Tuesday, April 21, 2009
THE CENTERFOLD GIRLS (1974) d. John Peyser
Reviewed by Rick Trottier
The plight of women in motion pictures has long been a complex and very rocky ride. During the early years of the Silver Screen, actresses often played roles that reflected the socially stultifying climate of the times and helpless Scream Queens like Faye Wray dominated the cinematic landscape. As the middle part of the 20th Century dawned, the so-called New Women birthed in the generation after the Suffrage Movement tended to be somewhat pluckier and a little bit more uninhibited, but women still tended to play very idealized parts and were icons of male fantasy, reaching that height of excess in the 1950s. By the 1960s and 1970s, the portrayal of female characters by young actresses became truly complex. On one hand, mainstream film began depicting women in a somewhat more realistic and less chauvinistic manner as the Women’s Movement began to gain momentum. At the same time, exploitation cinema reached the apex of its gaudy pinnacle during that same era, putting young, attractive “actresses” and starlets into some of the most sexist roles ever penned by sleazy skin merchants and the pioneers of softcore entertainment. To be an actress in the late 1960s, throughout the 1970s and into the early 1980s meant you were going to appear nude on screen, there would likely be at least one sex scene in addition to the obligatory “shower” scene or clip where disrobing was necessary. If you were appearing in a genre film, there was also a high probability that young actresses would be appearing unclad amidst scenes of violence, gore, depravity or some other cinematic instance of titillation designed to put men into movie theater seats. From 1965 to the dawn of the Video Age around 1980, scads of naked girls engaging all manner of wayward behavior could be seen in movie houses where exploitation fare was run. This incredibly bizarre dichotomy of mainstream film uplifting the station of women even as B-movies were objectifying women more aggressively than ever is one of the most fascinating components of the modern era of Motion Picture History, and THE CENTERFOLD GIRLS is one of the best examples of seedy, skintastic, scurrilous and sensually scandalous movie-making from those long lost days.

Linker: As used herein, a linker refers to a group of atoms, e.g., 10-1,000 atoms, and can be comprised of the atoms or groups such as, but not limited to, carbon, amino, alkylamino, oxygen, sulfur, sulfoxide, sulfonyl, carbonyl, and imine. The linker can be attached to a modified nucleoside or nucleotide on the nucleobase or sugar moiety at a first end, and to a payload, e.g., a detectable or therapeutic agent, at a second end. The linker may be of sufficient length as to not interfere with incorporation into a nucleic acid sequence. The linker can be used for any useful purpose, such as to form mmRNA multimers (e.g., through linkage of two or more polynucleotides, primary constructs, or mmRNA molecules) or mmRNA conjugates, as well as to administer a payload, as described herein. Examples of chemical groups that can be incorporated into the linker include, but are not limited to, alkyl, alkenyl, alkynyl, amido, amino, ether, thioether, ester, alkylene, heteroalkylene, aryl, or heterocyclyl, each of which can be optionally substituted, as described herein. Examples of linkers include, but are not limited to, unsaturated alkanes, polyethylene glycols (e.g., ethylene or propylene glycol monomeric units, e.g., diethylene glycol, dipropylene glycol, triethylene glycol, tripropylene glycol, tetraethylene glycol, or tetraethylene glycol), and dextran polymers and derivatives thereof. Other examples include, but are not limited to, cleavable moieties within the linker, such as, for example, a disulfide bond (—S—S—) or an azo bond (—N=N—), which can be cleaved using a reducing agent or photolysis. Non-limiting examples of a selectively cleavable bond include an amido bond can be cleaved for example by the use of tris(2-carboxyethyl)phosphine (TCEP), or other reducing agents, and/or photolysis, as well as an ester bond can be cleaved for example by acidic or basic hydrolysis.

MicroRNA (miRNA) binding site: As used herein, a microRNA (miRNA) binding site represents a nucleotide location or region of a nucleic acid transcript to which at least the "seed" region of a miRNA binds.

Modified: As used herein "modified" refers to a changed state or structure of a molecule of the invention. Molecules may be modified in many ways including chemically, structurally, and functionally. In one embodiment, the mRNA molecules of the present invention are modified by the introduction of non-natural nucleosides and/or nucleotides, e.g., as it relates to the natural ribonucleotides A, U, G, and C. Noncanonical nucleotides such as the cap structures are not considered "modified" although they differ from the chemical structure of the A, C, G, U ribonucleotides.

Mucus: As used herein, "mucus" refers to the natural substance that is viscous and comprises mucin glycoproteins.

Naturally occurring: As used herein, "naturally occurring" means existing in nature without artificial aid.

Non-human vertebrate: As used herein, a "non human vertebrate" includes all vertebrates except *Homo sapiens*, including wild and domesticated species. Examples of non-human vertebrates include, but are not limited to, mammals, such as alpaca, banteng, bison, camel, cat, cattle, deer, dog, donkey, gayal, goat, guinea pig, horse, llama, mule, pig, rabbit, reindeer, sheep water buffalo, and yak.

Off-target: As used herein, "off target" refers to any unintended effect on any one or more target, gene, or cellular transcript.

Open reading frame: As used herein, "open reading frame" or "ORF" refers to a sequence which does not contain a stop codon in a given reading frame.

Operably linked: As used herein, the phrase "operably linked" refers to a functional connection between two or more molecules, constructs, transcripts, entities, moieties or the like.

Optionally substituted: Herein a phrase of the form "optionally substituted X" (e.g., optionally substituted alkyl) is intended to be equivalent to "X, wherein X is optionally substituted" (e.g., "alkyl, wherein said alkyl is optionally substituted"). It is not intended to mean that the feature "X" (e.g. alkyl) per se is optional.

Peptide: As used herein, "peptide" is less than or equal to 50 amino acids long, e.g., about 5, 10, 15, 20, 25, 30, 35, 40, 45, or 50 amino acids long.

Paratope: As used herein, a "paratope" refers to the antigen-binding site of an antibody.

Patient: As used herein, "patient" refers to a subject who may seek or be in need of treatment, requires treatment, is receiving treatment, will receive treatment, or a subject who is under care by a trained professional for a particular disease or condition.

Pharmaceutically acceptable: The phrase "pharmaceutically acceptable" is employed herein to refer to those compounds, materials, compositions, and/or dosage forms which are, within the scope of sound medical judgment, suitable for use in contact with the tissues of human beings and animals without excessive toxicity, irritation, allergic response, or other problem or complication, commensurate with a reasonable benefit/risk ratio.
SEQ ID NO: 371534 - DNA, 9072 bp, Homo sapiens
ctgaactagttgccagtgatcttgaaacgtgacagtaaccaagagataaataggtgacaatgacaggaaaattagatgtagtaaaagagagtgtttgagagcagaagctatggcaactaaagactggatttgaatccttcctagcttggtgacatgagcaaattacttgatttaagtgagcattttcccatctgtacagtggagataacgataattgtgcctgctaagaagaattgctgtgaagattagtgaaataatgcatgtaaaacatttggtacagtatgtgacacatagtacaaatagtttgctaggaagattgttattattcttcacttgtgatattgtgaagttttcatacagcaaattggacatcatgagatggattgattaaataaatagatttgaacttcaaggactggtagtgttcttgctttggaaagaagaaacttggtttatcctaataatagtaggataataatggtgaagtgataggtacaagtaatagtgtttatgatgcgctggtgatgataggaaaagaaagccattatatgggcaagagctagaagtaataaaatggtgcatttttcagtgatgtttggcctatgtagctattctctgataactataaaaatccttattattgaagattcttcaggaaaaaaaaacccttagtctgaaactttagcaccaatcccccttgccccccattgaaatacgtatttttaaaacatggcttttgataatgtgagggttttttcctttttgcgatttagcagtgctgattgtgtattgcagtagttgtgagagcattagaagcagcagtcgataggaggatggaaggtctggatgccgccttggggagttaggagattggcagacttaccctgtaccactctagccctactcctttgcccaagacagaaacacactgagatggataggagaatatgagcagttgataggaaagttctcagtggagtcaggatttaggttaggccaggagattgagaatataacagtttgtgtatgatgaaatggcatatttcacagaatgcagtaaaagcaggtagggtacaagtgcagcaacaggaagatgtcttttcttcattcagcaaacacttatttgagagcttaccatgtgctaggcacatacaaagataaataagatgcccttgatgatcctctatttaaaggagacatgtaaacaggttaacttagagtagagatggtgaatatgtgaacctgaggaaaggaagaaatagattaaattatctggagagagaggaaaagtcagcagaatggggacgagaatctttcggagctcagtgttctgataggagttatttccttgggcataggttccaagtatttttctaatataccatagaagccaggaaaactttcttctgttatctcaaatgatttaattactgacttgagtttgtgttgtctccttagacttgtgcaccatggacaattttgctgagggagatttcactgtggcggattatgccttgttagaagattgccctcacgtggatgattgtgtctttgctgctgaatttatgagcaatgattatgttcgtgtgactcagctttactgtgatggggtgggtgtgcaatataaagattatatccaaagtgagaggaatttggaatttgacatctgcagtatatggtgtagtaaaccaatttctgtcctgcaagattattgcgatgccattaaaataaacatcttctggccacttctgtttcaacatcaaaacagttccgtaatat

THE CENTERFOLD GIRLS is the three-part story of a small group of beautiful young women from all walks of life who have posed nude in a men’s magazine called Bachelor and are now receiving unwanted and frightening attention from a sexually frustrated and demented serial killer named Clement Dunne, played by Andrew Prine. Dark, dorky and driven, Mr. Dunne hunts down these lovely ladies in a series of vignettes stitched together by the killer’s overarching lust to “help” these young ladies out of their state of fallen grace and into everlasting peace through the use of a lethally sharp straight razor. Jackie (Jamie Lyn Bauer), Charly (Jennifer Ashley) and Vera (Tiffany Bolling) must evade Clement’s foul interest if they are to stay in one piece and not end up sliced to ribbons.